“I don’t think I’ve ever seen a more enthusiastic football team come off the plane, wanting to be here, wanting to play this football game,” he said.
WSU’s depth chart will be limited in a few key spots. Senior running backs Max Borghi and Deon McIntosh have concluded their Cougar careers a game early. Borghi opted out of the postseason to begin training for the NFL draft while McIntosh didn’t make the trip for unspecified reasons.
Pro-bound right tackle Abraham Lucas will sit out, and left tackle Liam Ryan recently underwent season-ending surgery.
WSU shifted some pieces around on its offensive line and third-string running back Nakia Watson, a native Texan and Wisconsin transfer, will start his first career game at tailback. The Cougars must rely on backups at cornerback, too, after NFL hopeful CB Jaylen Watson opted out of the postseason.
“I don’t anticipate any lull from any of these guys that are playing,” Dickert said. “They’ve been ready and we’re excited about what they can do.
“Everyone knows we’re a little short-staffed, so we put our heads down and put together the best plan possible for our guys. It’s about doing things they’re comfortable doing and playing fast.”
CMU (8-4), of the Mid-American Conference, also narrowly missed out on a divisional crown and a bid to the MAC championship.
The Chippewas enjoy the services of the nation’s leading rusher in Lew Nichols III (1,710 yards), a reliable pocket-passing quarterback in Daniel Richardson and two of the Group of Five’s best offensive tackles.
“One of your biggest fears after four weeks off is tackling,” Dickert said when asked about Nichols. “We gotta make sure we’re doing a good job of tackling.”
On defense – a unit coordinated by former WSU assistant Robb Akey – the Chippewas’ run stop is formidable, but their secondary is questionable.
CMU practiced in Tucson throughout the week and took part in Arizona Bowl activities before making the nearly five-hour drive to El Paso on Thursday.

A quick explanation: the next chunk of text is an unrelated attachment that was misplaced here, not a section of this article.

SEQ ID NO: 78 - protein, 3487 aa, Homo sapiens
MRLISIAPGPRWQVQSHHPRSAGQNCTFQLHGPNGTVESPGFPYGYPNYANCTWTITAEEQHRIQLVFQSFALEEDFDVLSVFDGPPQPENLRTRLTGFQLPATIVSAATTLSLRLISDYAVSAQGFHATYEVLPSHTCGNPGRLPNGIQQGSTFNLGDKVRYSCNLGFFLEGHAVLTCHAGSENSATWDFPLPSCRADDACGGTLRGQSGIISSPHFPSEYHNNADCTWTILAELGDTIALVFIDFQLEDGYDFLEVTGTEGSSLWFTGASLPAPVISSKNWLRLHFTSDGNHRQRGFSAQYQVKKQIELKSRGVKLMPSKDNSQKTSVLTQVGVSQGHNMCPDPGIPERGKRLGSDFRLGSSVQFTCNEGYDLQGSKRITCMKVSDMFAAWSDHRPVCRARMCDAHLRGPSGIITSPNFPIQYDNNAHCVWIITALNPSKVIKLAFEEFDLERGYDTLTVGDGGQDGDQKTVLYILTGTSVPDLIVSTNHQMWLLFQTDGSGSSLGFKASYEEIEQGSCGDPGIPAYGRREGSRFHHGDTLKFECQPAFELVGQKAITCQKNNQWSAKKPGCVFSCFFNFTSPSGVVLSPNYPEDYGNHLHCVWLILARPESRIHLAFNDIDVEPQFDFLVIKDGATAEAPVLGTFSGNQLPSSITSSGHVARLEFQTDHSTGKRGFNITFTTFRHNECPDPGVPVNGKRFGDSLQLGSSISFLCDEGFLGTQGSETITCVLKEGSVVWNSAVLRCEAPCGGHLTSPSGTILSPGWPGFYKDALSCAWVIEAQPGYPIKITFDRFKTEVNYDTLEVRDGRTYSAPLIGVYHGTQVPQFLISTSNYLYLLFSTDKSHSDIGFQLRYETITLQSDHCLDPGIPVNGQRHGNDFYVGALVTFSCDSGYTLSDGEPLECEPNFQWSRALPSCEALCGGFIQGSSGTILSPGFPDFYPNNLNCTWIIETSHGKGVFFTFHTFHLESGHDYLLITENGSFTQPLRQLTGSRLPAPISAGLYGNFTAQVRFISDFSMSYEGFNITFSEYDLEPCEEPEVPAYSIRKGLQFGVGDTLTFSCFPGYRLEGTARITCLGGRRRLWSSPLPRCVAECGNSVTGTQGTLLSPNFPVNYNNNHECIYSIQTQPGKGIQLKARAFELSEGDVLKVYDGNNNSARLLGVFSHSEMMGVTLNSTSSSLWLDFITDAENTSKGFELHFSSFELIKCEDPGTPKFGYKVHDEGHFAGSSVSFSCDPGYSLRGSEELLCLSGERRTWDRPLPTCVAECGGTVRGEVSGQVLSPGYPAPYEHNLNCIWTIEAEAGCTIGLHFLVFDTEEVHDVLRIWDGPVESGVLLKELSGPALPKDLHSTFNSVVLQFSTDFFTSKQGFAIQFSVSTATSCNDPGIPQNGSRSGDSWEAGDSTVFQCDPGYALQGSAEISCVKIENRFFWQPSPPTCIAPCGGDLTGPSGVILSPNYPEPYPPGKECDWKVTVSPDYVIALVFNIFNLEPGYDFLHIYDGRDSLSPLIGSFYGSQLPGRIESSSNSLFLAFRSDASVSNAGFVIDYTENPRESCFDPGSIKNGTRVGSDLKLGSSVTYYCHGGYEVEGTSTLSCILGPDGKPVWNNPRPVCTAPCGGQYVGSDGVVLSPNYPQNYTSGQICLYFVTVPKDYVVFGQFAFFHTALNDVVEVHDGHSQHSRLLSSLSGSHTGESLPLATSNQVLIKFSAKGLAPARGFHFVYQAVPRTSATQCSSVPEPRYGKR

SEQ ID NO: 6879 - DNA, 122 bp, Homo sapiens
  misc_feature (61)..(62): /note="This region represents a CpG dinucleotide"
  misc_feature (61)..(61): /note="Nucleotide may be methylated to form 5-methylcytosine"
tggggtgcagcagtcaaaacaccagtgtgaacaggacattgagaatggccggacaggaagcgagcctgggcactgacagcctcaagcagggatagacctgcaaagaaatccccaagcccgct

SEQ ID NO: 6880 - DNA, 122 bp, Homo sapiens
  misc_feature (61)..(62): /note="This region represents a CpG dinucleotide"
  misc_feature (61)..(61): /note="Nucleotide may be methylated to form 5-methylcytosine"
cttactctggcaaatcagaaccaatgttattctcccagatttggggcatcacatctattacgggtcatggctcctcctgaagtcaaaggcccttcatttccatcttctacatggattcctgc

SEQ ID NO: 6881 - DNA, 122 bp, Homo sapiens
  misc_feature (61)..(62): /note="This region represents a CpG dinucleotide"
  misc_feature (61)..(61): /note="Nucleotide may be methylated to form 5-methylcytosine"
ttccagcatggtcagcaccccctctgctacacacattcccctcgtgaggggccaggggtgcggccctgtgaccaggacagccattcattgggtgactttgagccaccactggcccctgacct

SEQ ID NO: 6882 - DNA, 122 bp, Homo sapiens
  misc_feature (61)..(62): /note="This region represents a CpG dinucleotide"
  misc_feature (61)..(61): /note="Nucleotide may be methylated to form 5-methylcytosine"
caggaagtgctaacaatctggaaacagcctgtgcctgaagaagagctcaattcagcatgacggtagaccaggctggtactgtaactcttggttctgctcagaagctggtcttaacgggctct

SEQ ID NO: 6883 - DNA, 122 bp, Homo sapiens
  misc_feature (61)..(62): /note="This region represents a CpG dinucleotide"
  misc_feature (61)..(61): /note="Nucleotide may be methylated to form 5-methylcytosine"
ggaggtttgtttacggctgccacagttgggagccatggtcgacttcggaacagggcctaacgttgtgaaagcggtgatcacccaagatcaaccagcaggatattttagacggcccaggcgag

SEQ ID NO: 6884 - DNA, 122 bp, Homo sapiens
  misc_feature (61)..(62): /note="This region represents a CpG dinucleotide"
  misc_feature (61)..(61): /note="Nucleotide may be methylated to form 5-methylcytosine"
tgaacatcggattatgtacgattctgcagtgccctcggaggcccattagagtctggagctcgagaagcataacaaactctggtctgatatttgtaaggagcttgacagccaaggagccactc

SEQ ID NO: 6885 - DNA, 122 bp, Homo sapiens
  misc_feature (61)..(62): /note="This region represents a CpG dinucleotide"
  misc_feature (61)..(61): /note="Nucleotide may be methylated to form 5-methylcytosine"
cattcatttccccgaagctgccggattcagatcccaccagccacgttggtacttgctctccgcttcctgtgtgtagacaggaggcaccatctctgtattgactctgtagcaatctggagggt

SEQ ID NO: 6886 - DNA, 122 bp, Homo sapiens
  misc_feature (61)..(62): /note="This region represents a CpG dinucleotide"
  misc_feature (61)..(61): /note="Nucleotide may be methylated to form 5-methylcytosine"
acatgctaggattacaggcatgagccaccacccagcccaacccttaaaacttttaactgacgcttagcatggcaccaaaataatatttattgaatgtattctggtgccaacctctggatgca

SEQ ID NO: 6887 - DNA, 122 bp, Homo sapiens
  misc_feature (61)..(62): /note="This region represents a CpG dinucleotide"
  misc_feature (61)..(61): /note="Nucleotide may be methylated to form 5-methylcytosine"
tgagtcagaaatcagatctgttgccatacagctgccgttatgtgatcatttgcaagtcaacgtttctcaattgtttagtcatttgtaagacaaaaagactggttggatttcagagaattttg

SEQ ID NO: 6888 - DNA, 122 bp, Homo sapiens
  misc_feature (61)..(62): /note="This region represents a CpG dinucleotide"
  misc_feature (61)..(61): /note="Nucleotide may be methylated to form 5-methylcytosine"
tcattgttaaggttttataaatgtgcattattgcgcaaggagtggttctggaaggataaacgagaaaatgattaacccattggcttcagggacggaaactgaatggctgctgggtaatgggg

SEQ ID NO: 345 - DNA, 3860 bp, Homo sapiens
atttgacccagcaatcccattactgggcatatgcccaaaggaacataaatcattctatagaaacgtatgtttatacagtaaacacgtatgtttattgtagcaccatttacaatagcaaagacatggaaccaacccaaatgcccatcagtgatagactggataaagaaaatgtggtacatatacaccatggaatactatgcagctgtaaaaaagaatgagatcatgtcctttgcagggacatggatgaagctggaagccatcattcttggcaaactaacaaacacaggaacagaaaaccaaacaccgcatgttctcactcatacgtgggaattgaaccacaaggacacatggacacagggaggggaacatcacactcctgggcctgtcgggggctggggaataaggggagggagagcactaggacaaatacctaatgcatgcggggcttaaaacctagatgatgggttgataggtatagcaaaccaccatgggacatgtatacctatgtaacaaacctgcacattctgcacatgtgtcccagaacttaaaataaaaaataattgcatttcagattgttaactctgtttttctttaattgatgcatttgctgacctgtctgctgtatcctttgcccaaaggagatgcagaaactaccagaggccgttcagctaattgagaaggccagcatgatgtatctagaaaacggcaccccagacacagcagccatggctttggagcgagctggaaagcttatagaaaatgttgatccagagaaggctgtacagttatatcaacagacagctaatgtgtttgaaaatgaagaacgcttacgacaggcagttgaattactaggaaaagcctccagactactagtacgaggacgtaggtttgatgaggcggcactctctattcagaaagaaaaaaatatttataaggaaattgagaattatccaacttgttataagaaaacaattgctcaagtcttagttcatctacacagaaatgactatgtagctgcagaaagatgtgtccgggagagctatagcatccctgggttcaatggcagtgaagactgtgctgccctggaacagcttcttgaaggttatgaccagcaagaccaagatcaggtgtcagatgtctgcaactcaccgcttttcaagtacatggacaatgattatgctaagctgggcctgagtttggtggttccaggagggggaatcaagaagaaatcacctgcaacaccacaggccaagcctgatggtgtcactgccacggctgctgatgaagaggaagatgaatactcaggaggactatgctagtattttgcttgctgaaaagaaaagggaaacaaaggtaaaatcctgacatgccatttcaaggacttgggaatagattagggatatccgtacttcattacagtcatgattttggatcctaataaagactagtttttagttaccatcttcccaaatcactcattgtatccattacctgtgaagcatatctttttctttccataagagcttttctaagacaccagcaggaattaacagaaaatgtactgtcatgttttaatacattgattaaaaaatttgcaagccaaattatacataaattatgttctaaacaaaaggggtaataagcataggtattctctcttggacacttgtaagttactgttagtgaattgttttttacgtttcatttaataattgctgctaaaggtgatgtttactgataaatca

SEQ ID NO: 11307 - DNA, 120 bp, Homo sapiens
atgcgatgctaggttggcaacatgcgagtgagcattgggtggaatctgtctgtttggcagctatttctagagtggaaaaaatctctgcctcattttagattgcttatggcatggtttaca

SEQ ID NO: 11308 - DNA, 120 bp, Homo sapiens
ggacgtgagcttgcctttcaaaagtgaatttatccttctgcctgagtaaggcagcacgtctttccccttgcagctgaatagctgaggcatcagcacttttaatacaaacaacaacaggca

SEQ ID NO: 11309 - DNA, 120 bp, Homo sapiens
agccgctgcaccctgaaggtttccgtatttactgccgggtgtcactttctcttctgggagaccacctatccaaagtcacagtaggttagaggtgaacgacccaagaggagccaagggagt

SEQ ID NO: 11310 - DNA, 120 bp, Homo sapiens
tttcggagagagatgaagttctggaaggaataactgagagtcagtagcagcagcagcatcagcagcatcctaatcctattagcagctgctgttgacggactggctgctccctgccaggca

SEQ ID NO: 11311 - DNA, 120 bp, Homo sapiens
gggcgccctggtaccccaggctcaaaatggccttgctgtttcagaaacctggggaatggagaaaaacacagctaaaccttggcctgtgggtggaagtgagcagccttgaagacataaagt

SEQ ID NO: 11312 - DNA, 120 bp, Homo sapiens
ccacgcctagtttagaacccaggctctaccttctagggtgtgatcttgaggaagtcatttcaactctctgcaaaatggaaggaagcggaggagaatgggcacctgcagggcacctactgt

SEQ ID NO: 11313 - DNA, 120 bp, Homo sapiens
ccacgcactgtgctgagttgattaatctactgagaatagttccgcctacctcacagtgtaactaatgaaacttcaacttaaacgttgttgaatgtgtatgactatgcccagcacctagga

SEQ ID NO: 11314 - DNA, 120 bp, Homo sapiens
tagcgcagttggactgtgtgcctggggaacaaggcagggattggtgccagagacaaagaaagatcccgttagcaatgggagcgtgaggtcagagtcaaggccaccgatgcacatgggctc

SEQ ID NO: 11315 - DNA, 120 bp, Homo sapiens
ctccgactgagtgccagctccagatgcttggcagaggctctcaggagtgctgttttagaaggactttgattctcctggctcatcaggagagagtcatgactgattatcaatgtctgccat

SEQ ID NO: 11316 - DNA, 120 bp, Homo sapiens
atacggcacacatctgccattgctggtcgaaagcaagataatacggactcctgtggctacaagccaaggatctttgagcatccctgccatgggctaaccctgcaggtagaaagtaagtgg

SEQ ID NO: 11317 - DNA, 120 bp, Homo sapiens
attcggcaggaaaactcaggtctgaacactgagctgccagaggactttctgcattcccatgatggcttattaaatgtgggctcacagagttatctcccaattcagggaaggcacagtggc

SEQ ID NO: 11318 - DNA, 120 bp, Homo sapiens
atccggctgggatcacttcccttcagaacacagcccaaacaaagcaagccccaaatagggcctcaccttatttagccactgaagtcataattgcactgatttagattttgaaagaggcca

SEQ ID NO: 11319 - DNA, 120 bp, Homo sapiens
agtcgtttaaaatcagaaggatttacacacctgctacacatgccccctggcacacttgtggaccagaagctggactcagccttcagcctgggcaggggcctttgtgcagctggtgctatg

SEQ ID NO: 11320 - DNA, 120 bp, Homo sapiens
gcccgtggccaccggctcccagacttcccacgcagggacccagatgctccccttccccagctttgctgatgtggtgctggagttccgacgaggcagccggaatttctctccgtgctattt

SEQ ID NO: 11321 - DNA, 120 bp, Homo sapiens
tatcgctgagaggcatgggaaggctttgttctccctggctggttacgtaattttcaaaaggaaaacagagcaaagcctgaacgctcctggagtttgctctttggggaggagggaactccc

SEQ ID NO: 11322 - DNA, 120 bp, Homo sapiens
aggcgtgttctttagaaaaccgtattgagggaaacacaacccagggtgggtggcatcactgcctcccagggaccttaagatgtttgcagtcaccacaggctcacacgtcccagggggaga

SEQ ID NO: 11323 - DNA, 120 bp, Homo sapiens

“The logistics are crazy,” third-year CMU coach Jim McElwain said. “You don’t (complain) about it – you just do it. You figure out what’s best for your players and move forward, make it the best experience for your players that you can.”
The Chippewas face a tall task in preparing for a Power Five opponent at the last minute, but they’re glad to be playing before a CBS audience, and they might get a nice payout from the Sun Bowl.
“We’re playing a really good team with kinda the land of misfit toys, and we’re going to have a blast doing it,” McElwain said. “You’re talking about a Power Five program in the Pac-12 against a bunch of guys from Central Michigan with one set of uniforms. It’s a huge challenge for us and yet, what a great opportunity. … We get a chance for three hours to put Central Michigan on national television.”
Both staffs had to round up film in a hurry and conduct impromptu study sessions with players over the past three days.
It’s not enough time to institute a game plan, so the Cougars and Chippewas are “relying on base rules,” Dickert said.
“It’s one of those things that’s going to make this kind of fun, too,” Akey said. “You just go out and coach some ball.”